A female supporter of the Islamic State terror group has pleaded guilty to plotting to bomb St Paul’s Cathedral and a hotel.
Safiyya Amira Shaikh, 36, from Hayes, Middlesex, admitted preparation of terrorist acts and dissemination of terrorist publications at a hearing at the Old Bailey.
Shaikh, a Muslim convert, had contacted someone who could prepare explosives and went on a reconnaissance trip to scope out the historic site and a hotel as locations to plant bombs.
She prepared the words of a pledge of allegiance to the group, also known as Isis or Daesh, between August 2019 and October 2019.
She also shared terrorist documents via groups using the Telegram messaging app over the same period.
The facts were not opened in court, but according to a prosecution case summary, Shaikh had stated her main aim was to kill as many people as possible in a suicide attack on St Paul’s.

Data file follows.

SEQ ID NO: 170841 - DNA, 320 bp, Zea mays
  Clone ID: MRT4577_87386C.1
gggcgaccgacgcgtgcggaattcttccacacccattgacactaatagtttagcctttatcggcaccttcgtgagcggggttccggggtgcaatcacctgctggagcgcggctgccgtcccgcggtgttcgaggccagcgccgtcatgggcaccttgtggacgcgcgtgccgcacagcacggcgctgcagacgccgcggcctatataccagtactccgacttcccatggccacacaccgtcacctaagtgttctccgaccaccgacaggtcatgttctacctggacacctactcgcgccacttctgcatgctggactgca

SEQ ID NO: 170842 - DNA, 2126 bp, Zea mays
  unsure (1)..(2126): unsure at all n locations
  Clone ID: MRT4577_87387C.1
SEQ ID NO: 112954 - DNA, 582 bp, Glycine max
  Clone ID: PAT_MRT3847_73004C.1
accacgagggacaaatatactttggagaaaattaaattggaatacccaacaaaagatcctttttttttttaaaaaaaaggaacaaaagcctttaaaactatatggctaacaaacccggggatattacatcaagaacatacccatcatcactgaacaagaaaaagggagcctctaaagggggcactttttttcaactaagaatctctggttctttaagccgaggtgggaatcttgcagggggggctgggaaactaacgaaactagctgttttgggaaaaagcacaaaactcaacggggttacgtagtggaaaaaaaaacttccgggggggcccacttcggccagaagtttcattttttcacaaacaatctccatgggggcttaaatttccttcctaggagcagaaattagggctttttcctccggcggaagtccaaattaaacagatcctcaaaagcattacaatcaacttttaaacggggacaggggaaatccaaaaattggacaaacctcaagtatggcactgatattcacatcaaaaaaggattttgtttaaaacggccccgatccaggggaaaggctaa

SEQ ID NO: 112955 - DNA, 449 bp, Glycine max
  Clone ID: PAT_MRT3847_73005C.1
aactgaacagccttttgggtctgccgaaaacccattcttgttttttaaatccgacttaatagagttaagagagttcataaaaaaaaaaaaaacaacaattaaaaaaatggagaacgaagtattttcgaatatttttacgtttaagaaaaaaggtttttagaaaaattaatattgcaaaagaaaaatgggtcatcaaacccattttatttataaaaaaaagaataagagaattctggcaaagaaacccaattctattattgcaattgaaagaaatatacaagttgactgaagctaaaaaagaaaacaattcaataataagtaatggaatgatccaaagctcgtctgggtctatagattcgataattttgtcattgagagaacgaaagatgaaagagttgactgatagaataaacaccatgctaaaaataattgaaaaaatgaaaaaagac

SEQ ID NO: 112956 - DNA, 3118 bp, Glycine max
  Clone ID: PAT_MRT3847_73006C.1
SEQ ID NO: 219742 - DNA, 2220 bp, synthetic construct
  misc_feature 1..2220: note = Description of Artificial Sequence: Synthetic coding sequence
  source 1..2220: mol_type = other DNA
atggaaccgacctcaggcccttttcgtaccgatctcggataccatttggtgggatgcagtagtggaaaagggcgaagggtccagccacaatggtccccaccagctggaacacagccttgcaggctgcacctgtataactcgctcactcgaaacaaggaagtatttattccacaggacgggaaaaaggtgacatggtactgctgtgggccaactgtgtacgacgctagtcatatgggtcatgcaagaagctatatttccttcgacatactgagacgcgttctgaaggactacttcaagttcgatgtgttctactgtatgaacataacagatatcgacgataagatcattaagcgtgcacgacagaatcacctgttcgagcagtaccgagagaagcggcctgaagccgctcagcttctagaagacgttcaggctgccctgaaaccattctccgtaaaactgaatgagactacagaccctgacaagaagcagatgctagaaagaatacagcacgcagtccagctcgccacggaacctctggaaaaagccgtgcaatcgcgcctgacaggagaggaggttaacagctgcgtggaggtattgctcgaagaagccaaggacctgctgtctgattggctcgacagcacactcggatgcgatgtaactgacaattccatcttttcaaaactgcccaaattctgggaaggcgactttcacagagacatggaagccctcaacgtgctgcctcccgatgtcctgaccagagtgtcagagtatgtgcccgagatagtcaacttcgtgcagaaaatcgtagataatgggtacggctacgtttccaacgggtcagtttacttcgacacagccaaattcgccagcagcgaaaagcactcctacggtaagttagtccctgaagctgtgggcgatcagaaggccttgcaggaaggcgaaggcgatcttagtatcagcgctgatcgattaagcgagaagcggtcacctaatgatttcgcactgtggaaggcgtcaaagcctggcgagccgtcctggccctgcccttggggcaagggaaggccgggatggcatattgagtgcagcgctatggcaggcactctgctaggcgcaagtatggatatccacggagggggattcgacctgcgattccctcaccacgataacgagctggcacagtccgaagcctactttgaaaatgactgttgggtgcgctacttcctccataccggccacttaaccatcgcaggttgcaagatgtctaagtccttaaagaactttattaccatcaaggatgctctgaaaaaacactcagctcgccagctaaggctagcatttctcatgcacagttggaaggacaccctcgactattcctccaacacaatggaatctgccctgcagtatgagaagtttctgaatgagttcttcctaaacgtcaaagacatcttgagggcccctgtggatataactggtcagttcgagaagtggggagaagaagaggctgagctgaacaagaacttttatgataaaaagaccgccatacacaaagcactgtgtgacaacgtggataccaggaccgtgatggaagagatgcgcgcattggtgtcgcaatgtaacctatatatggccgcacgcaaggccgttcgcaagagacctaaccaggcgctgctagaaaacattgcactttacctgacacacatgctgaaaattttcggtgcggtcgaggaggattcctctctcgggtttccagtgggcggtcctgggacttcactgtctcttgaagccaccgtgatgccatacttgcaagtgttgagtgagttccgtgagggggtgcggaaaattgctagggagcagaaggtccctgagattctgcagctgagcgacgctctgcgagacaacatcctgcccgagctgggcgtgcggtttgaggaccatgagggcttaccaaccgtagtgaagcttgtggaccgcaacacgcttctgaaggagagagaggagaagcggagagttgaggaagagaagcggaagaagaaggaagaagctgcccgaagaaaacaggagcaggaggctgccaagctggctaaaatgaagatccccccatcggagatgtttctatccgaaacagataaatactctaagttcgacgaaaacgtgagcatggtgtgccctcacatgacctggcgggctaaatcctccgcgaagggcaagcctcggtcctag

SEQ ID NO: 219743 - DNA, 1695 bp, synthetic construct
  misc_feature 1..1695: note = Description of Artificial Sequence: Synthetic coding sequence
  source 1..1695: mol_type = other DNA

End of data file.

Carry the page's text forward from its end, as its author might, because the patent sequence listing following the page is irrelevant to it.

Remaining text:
She only confided her plan to two people, the online explosives expert and his wife, unaware that they were undercover officers.
The British defendant was born Michelle Ramsden to a non-Muslim family and converted to Islam in 2007.
She began to follow extremists online and by 2015 had become radicalised, the prosecution alleged.
The defendant, who wore a black robe, spoke quietly as she entered her guilty pleas before Mr Justice Sweeney at the Old Bailey.
Mr Justice Sweeney ordered Shaikh to be remanded in custody until sentencing on 12 May.